Thursday, 22 February 2018

This week's Black Sea agribusiness news in brief

Russian wheat exports hit their highest weekly total since before Christmas because, they say, weather issues subsided.

My information tells me the weather in January was pretty good, so it was more likely the annual winter holidays that covers most of the month that was to blame for sluggish trade.

Preferential rail subsidies for grain transportation continue to gain traction in Russia with rates now agreed on 656KMT of grain.

EcoFarming LLC have signed agreement with Moscow authorities to build a new 8,000 head goat dairy and processing complex to eventually produce 4,000 tons of milk, 400 tons of cheese and 100 tons of meat.

Agrokultura Group will receive a 25% subsidy for the construction of the third stage of a greenhouse complex in Kashira near Moscow which will be used for the production of tomatoes, peppers and eggplants.

Ukraine’ Min of Ag report on spring sowing preliminary data; the 2018 crop area is comparable to last year and is expected to reach 27.2MHA including 14.6MAH (54%) of grain crops which they say "corresponds to the norm of the optimal ratio of crops in crop rotations" (what the heck is the norm of the optimal ratio?).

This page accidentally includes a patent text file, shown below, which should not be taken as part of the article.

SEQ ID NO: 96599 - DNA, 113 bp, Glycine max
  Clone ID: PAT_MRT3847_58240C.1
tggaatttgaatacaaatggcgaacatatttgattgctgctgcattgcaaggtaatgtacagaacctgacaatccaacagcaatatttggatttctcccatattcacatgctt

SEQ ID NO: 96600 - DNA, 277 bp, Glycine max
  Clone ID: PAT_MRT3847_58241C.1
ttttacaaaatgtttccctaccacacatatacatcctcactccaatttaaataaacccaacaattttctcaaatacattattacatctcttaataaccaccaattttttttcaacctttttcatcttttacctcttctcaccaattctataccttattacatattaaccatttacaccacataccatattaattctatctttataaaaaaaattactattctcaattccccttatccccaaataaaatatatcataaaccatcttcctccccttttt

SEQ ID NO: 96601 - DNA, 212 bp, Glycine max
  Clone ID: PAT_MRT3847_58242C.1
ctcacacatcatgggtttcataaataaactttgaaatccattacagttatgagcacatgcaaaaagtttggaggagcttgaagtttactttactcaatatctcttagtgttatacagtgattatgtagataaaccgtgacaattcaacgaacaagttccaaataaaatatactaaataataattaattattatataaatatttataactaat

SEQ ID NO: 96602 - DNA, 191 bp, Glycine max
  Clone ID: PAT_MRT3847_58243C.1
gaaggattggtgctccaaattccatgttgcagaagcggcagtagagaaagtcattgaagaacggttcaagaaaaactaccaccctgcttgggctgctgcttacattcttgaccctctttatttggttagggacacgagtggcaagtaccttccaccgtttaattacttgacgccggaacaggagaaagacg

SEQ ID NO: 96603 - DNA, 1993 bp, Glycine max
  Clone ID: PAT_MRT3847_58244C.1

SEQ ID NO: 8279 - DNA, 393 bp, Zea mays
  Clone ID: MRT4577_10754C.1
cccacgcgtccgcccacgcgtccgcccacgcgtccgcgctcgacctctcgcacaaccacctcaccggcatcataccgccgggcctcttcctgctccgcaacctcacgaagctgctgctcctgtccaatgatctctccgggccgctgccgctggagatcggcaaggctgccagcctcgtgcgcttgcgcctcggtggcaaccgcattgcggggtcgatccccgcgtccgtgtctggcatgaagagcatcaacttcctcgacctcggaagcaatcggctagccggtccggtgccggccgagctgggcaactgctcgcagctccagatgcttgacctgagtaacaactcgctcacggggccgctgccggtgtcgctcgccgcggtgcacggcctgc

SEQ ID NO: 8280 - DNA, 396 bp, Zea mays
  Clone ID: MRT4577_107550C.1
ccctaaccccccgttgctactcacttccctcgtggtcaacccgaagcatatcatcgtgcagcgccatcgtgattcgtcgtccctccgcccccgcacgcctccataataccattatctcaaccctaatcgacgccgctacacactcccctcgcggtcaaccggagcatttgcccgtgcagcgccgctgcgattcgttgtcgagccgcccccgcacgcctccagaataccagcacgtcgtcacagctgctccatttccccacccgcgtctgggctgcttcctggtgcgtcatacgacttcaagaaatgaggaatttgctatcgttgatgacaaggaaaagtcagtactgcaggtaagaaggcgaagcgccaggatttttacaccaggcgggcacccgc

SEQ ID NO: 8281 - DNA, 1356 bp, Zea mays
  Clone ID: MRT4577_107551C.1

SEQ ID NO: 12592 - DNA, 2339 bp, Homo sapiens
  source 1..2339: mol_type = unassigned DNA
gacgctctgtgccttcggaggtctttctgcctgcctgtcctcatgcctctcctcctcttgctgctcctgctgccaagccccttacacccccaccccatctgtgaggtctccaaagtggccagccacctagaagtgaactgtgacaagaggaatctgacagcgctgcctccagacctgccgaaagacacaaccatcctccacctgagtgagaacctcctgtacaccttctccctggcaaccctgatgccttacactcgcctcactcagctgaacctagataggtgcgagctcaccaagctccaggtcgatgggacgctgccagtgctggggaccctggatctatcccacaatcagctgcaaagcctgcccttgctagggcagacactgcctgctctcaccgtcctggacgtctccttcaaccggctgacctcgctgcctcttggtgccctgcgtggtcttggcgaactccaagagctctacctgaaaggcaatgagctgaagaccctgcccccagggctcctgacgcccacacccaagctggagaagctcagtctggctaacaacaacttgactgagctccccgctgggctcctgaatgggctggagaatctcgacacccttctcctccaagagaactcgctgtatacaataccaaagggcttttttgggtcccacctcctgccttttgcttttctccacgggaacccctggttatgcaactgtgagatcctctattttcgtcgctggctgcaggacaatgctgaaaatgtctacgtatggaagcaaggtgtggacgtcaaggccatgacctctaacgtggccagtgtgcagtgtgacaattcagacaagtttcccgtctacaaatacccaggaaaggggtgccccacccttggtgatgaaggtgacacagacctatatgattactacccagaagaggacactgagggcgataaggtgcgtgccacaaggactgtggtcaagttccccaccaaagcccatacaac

The European Bank for Reconstruction and Development (EBRD) is promoting Ukraine grain logistics with a $50M loan to support Nibulon Group’s ongoing investment programme which includes three new river terminals; expansion of fleet (floating crane, tugboats, barges, dredging vessel); 42KMT storage facility; barge quay and a new railway at Mykolaiv.

Ukraine's Odessa region is to develop green tourism by offering visitors tours to authentic Ukrainian villages and farms, as well as sightseeing in grain and lavender fields.

Apparently Ukraine has lavender fields although none of us have ever seen any.